Negotiations continue over the final text of the European Union’s AI Act, with the three main political bodies taking their time.
Another group of bodies from the creative industries have been setting out their hopes for regulation of generative AI technologies.
Two industry organisations have issued their latest calls for change in the way the music streaming economy works.
It’s a set of ‘fee and master point guidelines for songwriters based on case studies and opinions from members DPA, The Ivors Academy and VERSO.
Covid-19 has been very bad news for songwriters and composers: this we know already from the figures (and warnings about future figures) published by collecting societies in various parts of the world.
Now the European Composer and Songwriter Alliance (ECSA) has used the latest study – reporting a 35% fall in royalties collected by PROs – as the hook for a manifesto of sorts on “why we should fix streaming now”.
It’s the latest salvo in the ongoing debate about how streaming pays off for musicians, sitting alongside campaigns like Broken Record in the UK and Justice at Spotify in the US, although in this case it zeroes in specifically on what ECSA thinks would improve the lot of songwriters and composers.
The brickbats keep flying for Spotify over the recent announcement of its ‘Discovery Mode’ for boosting selected tracks in its radio and autoplay features, in return for a lower royalty rate.
This time it’s the European Composer and Songwriter Alliance (ECSA) putting the boot in.
“Spotify’s suggestion to promise more exposure in exchange of lower royalty rates shows once more its profound disrespect to the community of creators who struggle to make a living,” claimed ECSA in a statement published yesterday.
A group of 110 bodies representing the creative and cultural industries are keeping up the pressure on governments and European policymakers over their post-Covid recovery plans.
Impala, the IFPI, ICMP and ECSA are among the bodies who have written to national governments and to the European Commission pressing for at least 2% of each country’s ‘national recovery and resilience facility’ budget be allocated to the cultural and creative sector.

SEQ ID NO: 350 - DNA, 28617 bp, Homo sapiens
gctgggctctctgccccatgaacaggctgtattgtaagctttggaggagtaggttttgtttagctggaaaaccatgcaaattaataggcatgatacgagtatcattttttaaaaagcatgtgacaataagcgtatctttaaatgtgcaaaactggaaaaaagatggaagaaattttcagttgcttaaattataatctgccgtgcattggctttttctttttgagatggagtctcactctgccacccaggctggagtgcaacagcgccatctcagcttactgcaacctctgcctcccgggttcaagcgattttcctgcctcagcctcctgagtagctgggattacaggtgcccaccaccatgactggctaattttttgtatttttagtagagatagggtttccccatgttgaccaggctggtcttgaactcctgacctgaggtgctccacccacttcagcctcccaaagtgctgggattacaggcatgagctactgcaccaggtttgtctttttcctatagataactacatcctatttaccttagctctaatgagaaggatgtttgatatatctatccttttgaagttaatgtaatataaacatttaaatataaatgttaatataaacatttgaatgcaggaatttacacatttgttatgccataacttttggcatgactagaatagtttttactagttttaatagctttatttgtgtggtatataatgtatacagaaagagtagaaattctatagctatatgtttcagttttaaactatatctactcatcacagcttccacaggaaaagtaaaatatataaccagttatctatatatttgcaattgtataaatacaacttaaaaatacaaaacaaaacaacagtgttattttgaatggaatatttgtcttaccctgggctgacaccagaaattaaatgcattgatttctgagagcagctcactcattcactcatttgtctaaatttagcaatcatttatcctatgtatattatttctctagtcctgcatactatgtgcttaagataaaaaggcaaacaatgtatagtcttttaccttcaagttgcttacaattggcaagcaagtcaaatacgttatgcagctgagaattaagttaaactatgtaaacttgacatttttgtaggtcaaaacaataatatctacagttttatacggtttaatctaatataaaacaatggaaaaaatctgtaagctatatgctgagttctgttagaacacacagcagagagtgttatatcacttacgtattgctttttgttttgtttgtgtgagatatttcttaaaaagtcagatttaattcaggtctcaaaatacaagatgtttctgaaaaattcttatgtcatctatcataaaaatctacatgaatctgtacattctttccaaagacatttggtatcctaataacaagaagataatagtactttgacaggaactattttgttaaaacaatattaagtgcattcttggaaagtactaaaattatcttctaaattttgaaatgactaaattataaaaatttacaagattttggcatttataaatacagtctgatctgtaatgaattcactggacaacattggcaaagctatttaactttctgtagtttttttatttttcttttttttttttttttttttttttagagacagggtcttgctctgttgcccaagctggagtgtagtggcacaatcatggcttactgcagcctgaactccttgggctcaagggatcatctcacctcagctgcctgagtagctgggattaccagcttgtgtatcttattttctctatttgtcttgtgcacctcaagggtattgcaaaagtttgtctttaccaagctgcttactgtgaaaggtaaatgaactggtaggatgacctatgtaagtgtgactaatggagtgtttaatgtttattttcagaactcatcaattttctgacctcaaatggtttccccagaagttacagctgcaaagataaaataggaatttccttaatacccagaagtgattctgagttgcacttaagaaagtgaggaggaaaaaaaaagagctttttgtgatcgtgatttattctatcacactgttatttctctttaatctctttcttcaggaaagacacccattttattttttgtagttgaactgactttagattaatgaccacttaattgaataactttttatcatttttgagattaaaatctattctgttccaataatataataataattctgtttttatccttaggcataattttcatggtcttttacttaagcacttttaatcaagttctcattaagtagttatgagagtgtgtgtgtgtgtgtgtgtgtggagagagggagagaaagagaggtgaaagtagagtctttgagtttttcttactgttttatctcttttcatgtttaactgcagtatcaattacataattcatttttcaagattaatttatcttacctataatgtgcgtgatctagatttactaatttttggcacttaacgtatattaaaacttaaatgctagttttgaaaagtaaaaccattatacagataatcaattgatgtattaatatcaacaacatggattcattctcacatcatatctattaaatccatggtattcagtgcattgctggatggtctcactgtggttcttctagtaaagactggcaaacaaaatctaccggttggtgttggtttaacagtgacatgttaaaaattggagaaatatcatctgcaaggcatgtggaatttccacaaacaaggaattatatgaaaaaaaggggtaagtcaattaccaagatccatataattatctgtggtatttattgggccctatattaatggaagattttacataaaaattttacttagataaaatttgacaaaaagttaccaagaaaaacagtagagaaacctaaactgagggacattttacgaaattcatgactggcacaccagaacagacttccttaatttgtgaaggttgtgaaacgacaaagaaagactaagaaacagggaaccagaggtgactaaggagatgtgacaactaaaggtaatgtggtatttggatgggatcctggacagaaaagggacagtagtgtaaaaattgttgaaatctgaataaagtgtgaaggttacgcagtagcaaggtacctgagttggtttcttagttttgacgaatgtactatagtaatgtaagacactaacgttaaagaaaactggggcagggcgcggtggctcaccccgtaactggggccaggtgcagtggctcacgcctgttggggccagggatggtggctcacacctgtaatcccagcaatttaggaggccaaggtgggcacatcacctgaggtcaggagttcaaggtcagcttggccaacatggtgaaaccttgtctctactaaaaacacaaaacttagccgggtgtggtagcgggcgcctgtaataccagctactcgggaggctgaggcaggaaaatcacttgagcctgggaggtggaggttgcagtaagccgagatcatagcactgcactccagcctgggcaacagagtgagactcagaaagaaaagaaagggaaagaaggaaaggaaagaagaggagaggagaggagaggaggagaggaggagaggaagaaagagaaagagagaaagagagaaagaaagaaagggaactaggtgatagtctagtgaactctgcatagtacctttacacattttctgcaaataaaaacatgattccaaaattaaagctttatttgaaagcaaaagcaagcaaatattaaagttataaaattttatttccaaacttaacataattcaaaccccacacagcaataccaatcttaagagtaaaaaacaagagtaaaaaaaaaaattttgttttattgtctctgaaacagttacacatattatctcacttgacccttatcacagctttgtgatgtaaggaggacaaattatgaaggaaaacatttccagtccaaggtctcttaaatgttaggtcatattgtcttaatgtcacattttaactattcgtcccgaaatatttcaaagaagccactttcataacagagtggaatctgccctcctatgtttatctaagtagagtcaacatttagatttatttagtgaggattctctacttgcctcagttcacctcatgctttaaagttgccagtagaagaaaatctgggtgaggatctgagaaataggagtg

“There is a risk that citizens will not find their vibrant cultural life back in the post-pandemic world,” warned their letter. “This would be a huge loss in terms of social cohesion, communities’ empowerment, individual well being, and the economic revival of Europe.”
A social media campaign is kicking off today: watch for the #actforculture and #cultureneedsmore hashtags.
It almost feels quaint to think back to a time when the passage of Europe’s new Copyright Directive felt like an all-consuming, existential issue, given the horrors that 2020 has inflicted on us so far.
It was clear at the time that the approval of the directive at a European level was far from the end of the arguments about its measures – particularly its Article 17 section (formerly Article 13) covering the liability of internet services for user-generated content/uploads.
A reminder came yesterday when music bodies the IFPI, Impala, ECSA and ICMP joined a wider group of creative industry organisations to write to the European Commissioner responsible for copyright, Thierry Breton. Their letter was to protest at what’s happening with the consultation process for the EC’s guidance to European countries on how to implement the new regulation.